Does mealtime ever feel like a three-ring circus in your house and you’re the one jumping through the hoops? Well, no more. From now on you are the ringmaster. You are in charge of the “show”: finessing wild animals, knowing when to bring in the clowns, and bringing order to the performance. Like any good performance, try not to let the audience see you sweat!
First, de-emphasize food. Trust me here. You know that children go through oppositional periods in normal healthy development. If this happens to be one of those times in your household, food can easily become an arena for power struggles. And you do not want food to become emotionally charged for the rest of your child’s life.
A parent’s job is not to force the child to eat and it’s not your job to hand-feed a preschooler. A parent’s job is to offer healthy food in a stress-free setting. The rest is up to the child. Your pediatrician can give you a list of minimum daily requirements and supplements if you are worried.
Build positive associations. Children love rituals and routines. Use a few tricks to make mealtime more fun: a special placemat with a favorite character or laminated home-made placemats with pictures of favorite foods, tie-dye napkins with different colors for different nights of the week, or let your child paint his own plates. Anything that shifts positive attention onto your child and away from the drudgery of getting another meal on the table will help eliminate food battles.
Always include conversation. Research strongly states the benefits of family mealtimes. Those daily conversations around home-cooked meals give children lifelong advantages over obesity, an edge against peer pressure and drug and alcohol abuse, and possibly even higher academic test scores. Toddlers and preschoolers are gaining incredible social skills and cognitive dexterity when they participate in dinner conversations. Children who are actively engaged will sit at the table longer and just possibly eat more.
Serve a variety of food and small portions. Offer a variety of foods that also include a variety of sensory experiences. Children need foods that are sticky and foods that are slippery, foods that are soft and foods that are sharp, foods that are sour or spicy. If you are stuck in a food rut (and who doesn’t fall into same-old habits), set aside an hour or two to build up your repertoire. Two of my favorite books are: Kids in the Kitchen by Pulleyn & Bracken and The Cooking Book by Laura Colker.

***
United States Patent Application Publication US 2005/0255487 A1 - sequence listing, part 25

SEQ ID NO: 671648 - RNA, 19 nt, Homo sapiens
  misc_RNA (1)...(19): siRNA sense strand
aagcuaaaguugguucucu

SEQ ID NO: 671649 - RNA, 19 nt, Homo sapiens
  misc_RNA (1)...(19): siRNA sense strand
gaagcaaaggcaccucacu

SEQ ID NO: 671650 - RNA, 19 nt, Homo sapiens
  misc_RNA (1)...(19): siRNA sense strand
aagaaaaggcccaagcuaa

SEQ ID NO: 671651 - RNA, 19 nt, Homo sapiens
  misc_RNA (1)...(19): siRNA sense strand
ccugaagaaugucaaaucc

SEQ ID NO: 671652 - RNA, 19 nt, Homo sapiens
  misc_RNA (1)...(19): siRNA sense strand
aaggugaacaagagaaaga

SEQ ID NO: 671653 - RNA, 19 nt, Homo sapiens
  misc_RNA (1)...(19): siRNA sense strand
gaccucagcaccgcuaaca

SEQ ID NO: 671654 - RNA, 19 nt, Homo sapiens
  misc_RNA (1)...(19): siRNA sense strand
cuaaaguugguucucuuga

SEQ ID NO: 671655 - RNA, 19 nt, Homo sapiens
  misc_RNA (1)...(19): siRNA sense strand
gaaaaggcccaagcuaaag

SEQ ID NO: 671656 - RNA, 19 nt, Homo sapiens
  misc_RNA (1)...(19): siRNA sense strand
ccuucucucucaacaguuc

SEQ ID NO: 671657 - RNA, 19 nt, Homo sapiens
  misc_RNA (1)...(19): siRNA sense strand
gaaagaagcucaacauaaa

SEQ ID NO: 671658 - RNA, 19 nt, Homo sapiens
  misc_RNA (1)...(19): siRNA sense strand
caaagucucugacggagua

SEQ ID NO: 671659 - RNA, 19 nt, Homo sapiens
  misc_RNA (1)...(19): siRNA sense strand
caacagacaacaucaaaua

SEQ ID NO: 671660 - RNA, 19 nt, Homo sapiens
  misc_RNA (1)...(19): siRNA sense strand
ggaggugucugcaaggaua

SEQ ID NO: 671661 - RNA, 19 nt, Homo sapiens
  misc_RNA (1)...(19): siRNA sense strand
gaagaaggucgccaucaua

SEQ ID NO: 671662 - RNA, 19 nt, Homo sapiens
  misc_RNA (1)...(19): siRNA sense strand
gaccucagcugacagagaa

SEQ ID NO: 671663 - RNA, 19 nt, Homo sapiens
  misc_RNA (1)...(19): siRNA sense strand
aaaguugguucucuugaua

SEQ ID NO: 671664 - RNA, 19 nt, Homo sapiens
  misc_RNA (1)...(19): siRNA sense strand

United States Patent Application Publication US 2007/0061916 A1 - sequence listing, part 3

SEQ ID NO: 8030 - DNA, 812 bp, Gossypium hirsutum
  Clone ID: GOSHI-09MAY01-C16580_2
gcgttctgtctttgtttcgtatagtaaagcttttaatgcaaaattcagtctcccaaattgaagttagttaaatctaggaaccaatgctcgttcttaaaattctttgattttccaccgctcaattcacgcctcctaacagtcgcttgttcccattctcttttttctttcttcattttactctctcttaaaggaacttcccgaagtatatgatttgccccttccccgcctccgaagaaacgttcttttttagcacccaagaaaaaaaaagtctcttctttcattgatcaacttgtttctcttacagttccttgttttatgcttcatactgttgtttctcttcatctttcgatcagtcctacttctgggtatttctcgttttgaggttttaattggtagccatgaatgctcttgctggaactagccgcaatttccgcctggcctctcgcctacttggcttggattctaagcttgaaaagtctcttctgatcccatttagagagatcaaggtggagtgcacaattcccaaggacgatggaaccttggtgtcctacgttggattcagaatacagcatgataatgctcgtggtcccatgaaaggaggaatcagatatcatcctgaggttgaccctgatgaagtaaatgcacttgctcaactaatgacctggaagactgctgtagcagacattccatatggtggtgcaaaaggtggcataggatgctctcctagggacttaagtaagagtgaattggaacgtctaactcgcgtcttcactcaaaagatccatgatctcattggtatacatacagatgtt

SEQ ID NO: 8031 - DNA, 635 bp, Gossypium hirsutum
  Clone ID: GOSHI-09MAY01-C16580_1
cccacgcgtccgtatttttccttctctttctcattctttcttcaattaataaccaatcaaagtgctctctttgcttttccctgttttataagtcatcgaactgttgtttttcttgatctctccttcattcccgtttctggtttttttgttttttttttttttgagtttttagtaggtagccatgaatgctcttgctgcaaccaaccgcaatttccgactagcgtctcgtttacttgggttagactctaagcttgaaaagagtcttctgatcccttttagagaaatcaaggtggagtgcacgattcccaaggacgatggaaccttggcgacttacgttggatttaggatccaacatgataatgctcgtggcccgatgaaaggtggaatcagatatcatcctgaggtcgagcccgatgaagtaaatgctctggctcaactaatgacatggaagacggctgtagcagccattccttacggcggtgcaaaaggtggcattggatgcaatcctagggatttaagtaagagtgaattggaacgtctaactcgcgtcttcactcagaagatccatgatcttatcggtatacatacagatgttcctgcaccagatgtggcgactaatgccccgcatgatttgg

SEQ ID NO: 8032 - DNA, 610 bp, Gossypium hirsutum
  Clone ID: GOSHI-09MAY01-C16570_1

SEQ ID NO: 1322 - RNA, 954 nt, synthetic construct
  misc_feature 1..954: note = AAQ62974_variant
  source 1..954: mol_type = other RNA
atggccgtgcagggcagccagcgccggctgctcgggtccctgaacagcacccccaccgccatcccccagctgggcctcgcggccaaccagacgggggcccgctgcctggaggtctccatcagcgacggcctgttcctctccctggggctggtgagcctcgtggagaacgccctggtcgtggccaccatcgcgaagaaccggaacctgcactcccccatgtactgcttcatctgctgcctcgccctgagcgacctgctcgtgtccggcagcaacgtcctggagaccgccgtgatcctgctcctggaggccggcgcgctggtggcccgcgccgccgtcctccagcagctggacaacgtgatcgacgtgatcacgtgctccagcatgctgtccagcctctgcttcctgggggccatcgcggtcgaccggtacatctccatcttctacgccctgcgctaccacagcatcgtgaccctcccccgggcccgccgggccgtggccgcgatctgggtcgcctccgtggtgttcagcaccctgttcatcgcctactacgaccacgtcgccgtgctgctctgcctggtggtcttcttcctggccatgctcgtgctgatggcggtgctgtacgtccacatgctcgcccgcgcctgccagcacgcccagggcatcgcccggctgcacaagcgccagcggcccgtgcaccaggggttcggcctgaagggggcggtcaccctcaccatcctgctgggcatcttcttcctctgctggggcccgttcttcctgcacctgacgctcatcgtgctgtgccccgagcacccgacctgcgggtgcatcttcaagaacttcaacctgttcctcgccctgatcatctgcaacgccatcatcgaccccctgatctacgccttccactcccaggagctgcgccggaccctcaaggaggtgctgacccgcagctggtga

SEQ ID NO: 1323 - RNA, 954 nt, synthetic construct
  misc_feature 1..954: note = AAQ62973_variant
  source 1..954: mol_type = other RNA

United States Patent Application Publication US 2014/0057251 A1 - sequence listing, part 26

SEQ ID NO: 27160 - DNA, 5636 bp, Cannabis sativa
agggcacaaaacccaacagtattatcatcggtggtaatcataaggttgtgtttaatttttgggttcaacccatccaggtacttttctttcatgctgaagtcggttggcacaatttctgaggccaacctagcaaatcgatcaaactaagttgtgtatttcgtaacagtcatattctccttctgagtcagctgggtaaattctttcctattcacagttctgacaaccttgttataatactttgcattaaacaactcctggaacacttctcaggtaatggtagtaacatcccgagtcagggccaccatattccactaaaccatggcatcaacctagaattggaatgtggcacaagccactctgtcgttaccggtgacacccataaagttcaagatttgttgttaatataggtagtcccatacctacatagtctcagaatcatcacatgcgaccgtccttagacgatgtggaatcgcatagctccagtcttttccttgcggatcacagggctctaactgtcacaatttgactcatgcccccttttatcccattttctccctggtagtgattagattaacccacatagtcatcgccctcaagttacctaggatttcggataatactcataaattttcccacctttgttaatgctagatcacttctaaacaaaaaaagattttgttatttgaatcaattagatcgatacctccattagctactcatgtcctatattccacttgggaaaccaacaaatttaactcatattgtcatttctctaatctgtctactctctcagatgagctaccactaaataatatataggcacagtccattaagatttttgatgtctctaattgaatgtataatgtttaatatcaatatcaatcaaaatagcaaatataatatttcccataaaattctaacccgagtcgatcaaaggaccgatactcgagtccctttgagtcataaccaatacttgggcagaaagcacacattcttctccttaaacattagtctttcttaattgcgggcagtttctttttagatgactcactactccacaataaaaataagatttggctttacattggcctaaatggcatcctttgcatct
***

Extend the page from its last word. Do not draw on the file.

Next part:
Small portions allow your child to have age-appropriate control of the eating experience. He won’t be overwhelmed by too much food on the plate and he fully participates in asking for “more please”. (Be sure to read How Do Dinosaurs eat Their Food? with your child.)
Go ahead – play with your food. Make eating fun. Children love to “dip” – try yoghurt dips, salsas, guacamole. Put veggies on kebabs. Buy novel cookie cutters to make enticing shapes on sandwiches. Try making salad “people” by adding arms and legs to a vegetable or add “faces” on your pancakes. You can put all kinds of healthy ingredients into a smoothie. Just be sure to let your child push the buttons on the blender!
Keep snacks healthy too. If healthy eating is a problem, eliminate the temptation to fill up your child on anything that he will eat. Watch out for empty calories in juices and cookies. Instead let your child make her own ”trail mix” or stuff celery (quick, name 4 different celery spreads…peanut butter, cream cheese, cottage cheese, hummus).
Include children in preparation and presentation. Give children a participatory role in the mealtime process. Remember, age-appropriate power makes power struggles unnecessary. Let children wash and peel vegetables, make salads, stir batters, flip pancakes, pour milk, set the table, and, best of all, wash the dishes. There’s an indisputable rule in early childhood: if a child makes it, a child will eat it!